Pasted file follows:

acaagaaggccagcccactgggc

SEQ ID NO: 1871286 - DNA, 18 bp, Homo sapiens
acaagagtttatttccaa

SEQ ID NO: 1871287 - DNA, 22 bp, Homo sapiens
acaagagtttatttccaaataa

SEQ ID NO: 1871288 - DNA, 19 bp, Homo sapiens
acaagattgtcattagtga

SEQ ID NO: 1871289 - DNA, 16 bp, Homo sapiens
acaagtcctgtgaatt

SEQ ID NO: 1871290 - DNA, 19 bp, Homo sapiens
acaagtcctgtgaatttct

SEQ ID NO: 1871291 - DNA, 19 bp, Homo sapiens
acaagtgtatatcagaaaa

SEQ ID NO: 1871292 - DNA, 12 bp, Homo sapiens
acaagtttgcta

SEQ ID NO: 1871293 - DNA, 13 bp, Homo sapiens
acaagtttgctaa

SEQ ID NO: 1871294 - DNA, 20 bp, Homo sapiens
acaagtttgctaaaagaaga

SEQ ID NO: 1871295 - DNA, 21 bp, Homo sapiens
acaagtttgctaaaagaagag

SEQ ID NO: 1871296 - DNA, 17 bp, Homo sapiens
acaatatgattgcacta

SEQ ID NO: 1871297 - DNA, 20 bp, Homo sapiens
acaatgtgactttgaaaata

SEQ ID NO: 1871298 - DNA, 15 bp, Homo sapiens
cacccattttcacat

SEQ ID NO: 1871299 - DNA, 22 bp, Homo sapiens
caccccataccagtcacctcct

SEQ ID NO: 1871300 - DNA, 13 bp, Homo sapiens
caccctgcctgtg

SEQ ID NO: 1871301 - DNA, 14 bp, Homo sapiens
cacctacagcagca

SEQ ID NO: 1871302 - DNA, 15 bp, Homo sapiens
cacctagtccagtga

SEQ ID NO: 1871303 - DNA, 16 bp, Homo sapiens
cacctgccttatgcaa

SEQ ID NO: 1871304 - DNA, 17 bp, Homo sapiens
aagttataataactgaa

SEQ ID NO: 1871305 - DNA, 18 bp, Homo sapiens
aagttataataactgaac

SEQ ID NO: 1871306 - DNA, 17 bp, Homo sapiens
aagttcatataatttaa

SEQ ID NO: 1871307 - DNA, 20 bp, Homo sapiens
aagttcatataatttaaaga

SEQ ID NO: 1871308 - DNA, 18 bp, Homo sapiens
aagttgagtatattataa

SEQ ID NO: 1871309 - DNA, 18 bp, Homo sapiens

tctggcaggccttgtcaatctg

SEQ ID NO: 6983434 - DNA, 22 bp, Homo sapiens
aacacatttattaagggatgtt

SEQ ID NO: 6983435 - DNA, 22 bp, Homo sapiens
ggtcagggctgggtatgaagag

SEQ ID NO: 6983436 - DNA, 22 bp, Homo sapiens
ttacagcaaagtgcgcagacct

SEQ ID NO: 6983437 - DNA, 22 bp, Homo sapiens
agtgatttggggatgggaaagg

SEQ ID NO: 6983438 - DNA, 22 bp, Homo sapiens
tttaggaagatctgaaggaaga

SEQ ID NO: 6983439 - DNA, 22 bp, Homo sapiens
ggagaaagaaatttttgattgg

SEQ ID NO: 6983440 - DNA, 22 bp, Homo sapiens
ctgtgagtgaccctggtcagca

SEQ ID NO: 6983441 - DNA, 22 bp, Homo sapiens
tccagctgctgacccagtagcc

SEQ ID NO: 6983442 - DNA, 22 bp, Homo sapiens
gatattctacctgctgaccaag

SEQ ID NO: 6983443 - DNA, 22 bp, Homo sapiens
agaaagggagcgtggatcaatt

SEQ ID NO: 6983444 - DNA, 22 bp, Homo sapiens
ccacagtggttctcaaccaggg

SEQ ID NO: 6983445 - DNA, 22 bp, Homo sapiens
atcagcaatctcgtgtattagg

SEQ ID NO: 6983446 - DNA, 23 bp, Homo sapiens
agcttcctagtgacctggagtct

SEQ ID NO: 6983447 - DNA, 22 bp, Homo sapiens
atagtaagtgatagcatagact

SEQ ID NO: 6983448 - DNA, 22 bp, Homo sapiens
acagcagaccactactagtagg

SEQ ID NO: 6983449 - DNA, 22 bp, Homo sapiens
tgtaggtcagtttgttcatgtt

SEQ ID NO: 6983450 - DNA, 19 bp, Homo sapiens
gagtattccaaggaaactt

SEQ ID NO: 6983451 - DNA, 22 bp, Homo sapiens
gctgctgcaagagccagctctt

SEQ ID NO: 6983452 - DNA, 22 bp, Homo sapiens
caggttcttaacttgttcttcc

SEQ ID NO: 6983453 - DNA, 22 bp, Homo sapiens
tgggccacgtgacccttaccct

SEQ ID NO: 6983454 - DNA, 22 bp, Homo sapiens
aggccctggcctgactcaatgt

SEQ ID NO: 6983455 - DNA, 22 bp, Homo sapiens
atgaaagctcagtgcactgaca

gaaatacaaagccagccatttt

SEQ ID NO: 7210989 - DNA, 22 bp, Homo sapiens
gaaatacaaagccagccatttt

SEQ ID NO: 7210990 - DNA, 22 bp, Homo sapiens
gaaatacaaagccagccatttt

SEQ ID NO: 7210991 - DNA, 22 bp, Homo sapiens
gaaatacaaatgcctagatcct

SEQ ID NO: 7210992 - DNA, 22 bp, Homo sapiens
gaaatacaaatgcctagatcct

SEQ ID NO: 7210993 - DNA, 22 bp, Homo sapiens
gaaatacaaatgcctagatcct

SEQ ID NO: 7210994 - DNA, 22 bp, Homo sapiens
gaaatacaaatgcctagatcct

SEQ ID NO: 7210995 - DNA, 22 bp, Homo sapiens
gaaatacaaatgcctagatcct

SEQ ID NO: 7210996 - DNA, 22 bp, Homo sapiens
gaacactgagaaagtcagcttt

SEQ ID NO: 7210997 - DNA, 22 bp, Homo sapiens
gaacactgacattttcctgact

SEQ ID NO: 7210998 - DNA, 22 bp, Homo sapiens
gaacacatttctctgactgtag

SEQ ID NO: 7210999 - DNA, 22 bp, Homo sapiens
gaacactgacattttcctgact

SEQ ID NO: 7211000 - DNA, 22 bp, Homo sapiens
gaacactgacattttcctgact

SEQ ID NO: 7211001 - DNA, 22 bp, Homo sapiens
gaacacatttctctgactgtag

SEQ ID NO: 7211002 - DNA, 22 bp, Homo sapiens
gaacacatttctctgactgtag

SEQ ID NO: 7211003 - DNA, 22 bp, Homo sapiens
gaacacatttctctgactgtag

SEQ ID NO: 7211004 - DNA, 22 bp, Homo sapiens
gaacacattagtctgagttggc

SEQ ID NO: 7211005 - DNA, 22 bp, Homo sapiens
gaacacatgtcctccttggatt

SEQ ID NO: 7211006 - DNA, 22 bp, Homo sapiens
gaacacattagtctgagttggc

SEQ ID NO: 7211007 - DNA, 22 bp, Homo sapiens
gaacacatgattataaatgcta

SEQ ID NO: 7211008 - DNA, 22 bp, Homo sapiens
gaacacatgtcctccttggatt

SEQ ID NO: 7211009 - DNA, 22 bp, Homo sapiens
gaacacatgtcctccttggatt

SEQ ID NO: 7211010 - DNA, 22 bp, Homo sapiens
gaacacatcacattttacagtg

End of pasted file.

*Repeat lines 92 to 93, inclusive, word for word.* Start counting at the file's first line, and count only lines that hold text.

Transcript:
SEQ ID NO: 6983455 - DNA, 22 bp, Homo sapiens
atgaaagctcagtgcactgaca